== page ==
Audit of Orthopaedic Audits in an English Teaching Hospital: Are We Closing the Loop?
H.J Iqbal*, P Pidikiti
Identifiers and Pagination:Year: 2010
First Page: 188
Last Page: 192
Publisher Id: TOORTHJ-4-188
Article History:Received Date: 17/2/2010
Revision Received Date: 24/3/2010
Acceptance Date: 10/4/2010
Electronic publication date: 11/6/2010
Collection year: 2010
open-access license: This is an open access article licensed under the terms of the Creative Commons Attribution Non-Commercial License (http://creativecommons.org/licenses/by-nc/3.0/) which permits unrestricted, non-commercial use, distribution and reproduction in any medium, provided the work is properly cited.
Clinical audit is an important tool to improve patient care and outcomes in health service. A significant proportion of time and economic resources are spent on activities related to clinical audit. Completion of audit cycle is essential to confirm the improvements in healthcare delivery. We aimed this study to evaluate audits carried out within trauma and orthopaedic unit of a teaching hospital over the last 4 years, and establish the proportions which were re-audited as per recommendations.
Data was collected from records of the clinical audit department. All orthopaedic audit projects from 2005 to 2009 were included in this study. The projects were divided in to local, regional and national audits. Data regarding audit lead clinicians, completion and presentation of projects, recommendations and re-audits was recorded.
Out of 61 audits commenced during last four years, 19.7% (12) were abandoned, 72.1% (44) were presented and 8.2 % (5) were still ongoing. The audit cycle was completed in only 29% (13) projects.
Change of junior doctors every 4~6 months is related to fewer re-audits. Active involvement by supervising consultant, reallocation of the project after one trainee has finished, and full support of audit department may increase the ratio of completion of audit cycles, thereby improving the patient care.
Delivery of high quality patient care is essential in modern NHS (National Health Service). Clinical audit is an important tool to improve and safeguard patient care. National Institute for Clinical Excellence (NICE) published principles for best practice in clinical audit  which defined clinical audit as “a quality improvement process that seeks to improve patient care and outcomes through systematic review of care against explicit criteria and the implementation of change. Aspects of structure, process, and outcomes of care are selected and systematically evaluated against explicit criteria. Where indicated, changes are implemented at an individual, team, or service level and further monitoringis used to confirm improvement in healthcare delivery”. A substantial sum of funding and time has been spent establishing audit practice in the NHS . It has become a key component of clinical governance framework . Recently there has been a move from “optional” clinical activity to more “obligatory” approach. All clinical staff is required to actively take part in clinical audit. Concerns have also been raised on loss of clinical time and money on auditing too many events without clear goals [2, 4].
A good clinical audit can provide objective evidence of improvement of quality of patient care and outcomes. This is only possible through completing audit cycle . There are multiple studies showing substantial improvements through completion of audit cycle [5-7]. According to above mentioned definition, an audit project will be regarded as completed only after further monitoring (re-audit) has been performed following implementation of improvement. Therefore, 100% of the projects should complete an audit cycle. Without completion of an audit cycle, a sound evidence of quality improvement in health care can not be provided. However, there have been reports of poor proportion of completion of audit cycle across the NHS [8-10]. We aimed this study to analyse the last 4 years clinical audits performed in trauma and orthopaedic unit of local teaching hospital to evaluate the completion of audit cycle.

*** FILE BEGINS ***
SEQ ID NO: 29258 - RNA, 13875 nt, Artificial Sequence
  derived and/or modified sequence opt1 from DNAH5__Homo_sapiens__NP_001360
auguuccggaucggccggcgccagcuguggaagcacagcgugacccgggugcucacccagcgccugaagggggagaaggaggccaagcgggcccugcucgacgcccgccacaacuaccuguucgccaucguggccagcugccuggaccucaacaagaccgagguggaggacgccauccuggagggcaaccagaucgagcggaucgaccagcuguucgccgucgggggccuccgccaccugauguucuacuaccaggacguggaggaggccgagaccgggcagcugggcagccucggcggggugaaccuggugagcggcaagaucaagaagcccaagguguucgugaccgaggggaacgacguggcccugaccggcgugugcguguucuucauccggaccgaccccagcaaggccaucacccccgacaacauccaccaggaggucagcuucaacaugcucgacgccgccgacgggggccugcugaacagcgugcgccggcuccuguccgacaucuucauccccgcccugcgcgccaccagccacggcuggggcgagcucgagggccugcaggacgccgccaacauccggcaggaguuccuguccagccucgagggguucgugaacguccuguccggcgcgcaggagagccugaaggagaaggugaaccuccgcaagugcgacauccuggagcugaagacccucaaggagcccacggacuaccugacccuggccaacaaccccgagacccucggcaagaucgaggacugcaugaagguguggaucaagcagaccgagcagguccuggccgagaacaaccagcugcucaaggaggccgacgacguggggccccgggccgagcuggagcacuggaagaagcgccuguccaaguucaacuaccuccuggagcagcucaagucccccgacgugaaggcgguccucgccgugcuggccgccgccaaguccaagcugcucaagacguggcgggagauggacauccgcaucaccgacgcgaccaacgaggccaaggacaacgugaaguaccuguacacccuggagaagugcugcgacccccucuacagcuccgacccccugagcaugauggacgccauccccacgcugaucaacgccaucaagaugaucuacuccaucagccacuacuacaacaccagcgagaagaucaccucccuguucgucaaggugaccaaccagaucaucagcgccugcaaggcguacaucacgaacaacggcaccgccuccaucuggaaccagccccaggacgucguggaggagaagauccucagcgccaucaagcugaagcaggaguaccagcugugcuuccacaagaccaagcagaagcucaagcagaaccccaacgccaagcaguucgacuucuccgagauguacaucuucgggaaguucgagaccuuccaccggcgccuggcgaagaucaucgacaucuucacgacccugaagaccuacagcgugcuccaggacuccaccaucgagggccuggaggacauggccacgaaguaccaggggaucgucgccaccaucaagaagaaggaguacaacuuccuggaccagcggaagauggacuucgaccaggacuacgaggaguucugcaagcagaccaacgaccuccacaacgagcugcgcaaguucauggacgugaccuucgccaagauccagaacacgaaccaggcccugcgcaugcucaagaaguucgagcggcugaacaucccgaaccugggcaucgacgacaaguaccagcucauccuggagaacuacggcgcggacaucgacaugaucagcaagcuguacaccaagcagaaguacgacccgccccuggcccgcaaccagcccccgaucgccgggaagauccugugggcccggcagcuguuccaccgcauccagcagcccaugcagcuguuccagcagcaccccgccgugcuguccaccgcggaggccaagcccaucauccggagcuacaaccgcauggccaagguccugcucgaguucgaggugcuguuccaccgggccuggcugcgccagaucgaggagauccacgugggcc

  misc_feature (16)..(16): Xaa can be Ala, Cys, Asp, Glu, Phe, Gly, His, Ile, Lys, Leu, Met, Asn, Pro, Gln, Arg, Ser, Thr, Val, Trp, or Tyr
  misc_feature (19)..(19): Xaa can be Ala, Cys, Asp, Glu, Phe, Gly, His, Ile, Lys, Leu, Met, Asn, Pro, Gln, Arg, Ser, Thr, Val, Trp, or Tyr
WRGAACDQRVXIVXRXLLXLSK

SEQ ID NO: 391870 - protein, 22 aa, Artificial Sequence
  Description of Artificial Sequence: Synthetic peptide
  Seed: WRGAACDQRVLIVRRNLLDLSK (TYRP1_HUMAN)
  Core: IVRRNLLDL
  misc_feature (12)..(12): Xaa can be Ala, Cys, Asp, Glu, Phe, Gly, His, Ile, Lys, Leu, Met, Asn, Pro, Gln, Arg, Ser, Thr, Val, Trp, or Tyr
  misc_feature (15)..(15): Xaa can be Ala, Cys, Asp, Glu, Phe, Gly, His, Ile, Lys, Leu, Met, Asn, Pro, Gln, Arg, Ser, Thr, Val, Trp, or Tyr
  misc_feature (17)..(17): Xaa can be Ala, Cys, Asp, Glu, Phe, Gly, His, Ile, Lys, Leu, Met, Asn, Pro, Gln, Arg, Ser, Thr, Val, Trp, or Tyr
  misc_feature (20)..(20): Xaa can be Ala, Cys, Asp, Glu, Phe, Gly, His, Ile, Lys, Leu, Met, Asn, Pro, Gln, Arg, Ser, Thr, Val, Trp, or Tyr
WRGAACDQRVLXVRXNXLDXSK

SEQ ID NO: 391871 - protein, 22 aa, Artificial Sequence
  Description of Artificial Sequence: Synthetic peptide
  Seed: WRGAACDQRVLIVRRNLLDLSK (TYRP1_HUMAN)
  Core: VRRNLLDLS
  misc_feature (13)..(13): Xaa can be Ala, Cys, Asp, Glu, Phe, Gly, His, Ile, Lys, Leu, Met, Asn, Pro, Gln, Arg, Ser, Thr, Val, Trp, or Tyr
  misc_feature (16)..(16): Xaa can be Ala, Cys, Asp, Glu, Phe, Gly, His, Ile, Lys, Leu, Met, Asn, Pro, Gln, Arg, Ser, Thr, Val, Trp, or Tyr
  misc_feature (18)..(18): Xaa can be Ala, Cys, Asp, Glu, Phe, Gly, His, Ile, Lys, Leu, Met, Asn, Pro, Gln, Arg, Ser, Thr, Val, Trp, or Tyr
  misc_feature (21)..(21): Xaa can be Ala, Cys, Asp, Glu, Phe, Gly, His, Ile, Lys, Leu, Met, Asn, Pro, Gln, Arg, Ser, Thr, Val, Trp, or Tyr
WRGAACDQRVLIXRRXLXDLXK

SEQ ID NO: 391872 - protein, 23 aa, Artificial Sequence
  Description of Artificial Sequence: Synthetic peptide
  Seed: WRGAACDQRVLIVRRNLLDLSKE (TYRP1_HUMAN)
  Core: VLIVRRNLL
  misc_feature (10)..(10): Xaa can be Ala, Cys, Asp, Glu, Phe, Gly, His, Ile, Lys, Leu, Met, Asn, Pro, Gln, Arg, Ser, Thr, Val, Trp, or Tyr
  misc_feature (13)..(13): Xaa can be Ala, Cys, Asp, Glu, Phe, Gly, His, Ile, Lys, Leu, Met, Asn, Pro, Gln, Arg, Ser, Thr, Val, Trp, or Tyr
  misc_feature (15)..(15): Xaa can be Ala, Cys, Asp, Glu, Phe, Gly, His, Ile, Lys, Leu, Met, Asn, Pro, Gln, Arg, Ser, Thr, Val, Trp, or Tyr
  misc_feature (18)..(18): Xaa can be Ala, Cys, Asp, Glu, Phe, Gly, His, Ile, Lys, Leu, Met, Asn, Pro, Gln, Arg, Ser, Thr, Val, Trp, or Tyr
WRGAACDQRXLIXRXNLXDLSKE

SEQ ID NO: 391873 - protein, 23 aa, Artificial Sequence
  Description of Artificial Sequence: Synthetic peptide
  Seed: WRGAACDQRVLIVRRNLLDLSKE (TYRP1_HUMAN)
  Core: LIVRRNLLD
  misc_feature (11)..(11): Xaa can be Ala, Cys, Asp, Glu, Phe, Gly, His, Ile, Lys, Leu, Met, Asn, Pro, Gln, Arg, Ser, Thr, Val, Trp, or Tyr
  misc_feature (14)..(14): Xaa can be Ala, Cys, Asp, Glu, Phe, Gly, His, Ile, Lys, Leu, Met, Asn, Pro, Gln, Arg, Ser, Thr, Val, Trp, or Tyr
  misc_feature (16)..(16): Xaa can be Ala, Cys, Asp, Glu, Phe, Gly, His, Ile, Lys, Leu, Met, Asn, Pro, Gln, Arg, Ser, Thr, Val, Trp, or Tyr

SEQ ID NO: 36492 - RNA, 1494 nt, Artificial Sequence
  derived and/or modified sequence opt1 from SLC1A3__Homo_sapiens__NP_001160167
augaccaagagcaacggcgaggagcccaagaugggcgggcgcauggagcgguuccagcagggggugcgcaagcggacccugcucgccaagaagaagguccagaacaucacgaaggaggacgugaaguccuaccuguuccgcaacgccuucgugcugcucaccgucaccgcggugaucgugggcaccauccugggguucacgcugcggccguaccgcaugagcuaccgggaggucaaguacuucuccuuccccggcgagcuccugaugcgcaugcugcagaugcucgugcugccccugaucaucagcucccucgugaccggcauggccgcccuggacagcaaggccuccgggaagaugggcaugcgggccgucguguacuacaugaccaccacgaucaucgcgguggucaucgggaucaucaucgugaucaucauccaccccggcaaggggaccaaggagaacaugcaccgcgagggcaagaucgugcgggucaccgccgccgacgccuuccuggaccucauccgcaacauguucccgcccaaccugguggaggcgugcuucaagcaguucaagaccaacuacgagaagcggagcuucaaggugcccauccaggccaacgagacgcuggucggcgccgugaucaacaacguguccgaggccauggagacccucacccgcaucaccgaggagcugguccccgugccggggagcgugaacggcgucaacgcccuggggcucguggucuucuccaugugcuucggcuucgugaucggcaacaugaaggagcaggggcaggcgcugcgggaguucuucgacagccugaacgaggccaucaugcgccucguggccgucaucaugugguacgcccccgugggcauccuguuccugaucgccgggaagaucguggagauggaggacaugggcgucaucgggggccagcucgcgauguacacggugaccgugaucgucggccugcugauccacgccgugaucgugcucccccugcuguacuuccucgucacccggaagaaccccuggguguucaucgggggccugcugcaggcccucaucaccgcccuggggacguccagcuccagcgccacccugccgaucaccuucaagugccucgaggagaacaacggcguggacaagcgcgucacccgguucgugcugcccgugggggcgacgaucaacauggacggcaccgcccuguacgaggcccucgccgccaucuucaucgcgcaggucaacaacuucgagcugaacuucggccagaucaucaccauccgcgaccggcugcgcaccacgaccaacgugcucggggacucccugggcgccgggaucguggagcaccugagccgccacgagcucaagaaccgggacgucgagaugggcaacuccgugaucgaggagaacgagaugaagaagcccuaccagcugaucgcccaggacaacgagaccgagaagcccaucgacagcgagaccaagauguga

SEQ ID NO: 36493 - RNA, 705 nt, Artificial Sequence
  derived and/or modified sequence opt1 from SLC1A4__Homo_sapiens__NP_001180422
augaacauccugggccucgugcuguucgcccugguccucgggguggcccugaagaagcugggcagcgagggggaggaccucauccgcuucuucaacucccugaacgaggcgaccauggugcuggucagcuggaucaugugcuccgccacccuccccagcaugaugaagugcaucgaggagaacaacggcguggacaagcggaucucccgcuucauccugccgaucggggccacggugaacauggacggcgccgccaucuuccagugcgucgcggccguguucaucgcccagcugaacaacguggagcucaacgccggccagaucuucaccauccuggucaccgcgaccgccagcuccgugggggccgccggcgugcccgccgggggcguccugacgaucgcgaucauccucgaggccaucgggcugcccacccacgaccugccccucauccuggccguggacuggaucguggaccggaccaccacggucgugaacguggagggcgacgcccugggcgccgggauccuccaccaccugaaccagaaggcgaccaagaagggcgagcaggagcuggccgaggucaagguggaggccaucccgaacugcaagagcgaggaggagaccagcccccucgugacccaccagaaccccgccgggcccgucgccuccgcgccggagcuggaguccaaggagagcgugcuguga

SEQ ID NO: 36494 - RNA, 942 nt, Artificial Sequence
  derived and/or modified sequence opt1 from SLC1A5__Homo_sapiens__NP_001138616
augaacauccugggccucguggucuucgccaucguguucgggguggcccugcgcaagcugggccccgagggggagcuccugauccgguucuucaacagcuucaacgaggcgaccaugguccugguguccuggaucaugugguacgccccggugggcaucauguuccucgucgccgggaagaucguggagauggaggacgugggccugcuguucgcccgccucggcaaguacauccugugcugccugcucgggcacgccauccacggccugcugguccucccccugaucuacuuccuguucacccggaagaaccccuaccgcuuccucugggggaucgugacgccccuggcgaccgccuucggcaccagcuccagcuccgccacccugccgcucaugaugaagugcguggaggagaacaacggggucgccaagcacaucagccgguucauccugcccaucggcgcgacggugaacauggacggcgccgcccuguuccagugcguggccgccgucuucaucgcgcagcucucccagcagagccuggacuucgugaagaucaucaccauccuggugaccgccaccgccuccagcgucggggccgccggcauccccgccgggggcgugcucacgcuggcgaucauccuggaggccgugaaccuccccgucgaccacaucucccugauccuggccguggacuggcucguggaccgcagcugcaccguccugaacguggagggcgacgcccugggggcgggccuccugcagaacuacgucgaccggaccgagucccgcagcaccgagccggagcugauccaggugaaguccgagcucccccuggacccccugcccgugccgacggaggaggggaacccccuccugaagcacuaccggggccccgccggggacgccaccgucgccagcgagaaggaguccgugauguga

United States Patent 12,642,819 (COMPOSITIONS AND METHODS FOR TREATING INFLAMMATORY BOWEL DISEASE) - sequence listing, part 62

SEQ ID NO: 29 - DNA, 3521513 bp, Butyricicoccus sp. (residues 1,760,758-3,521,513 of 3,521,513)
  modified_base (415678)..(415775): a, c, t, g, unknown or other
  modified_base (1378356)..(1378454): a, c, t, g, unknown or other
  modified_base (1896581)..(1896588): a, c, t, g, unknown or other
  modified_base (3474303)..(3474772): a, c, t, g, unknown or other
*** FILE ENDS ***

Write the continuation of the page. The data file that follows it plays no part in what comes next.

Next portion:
MATERIALS AND METHODOLOGY
This was a retrospective review of all clinical audits performed in trauma and orthopaedic department of local teaching hospital from Apr 2005 to Apr 2009. Data was collected from the records of clinical audit department. We divided these projects into local, regional and national. We analysed the overall audit proposals, projects abandoned, leading clinicians, audits completed and the ratio of re-audits. We also investigated into the reasons for premature abandoning of some of the audit projects and potential reasons for not completing the audit cycle.
In our hospital, like many others in the NHS, there is a dedicated clinical audit department which overlooks all the audit projects being performed in the hospital. It provides support for designing the data collection tools, collection of case notes and database design/analysis. We also have an audit facilitator in our department who is an orthopaedic consultant with special interests in audit and research. Every clinical audit project starts with defining a topic, based on clinical issues in delivery of high quality care to patients. The audit lead is responsible for literature search to define standard criteria, against which, the findings of the study will be compared. All of this is written on an official form which needs to be approved by the facilitator before submission to the audit department.
Fig. (1) presents the flow chart of the audit process in our hospital. The audit gets started only after approval from the audit department. After completion and presentation of audit findings in the departmental or hospital audit meeting, a feedback form is filled by the audit lead, explaining the implementation of recommended changes and plans for future re-audit to complete audit cycle. This is stored in the audit department data base for future reference. All of this process is time consuming but essential to monitor and streamline the audit activity in the hospital.
Process Flow Chart for Registration and Accessing Support of Audit Projects at our Hospital.
On the whole, 61 audits were commenced over the 4 years period. Most of these (59) were local, one project was part of the regional audit (Management of patients with Neck of Femur fractures in Trusts across the North West of England) and another audit was a part of national audit (National Comparative Audit of the use of Blood in patients undergoing Hip replacement). A consultant was either a leading clinician or was a supervising person in 59% (36) of the audits. SpR (Specialist Registrar) and staff grade surgeon each were the leaders of 16% projects. An SHO (Senior House Officer) alone was leading clinician in 7% (4) projects (Fig. 2).
The leading clinicians and audit projects.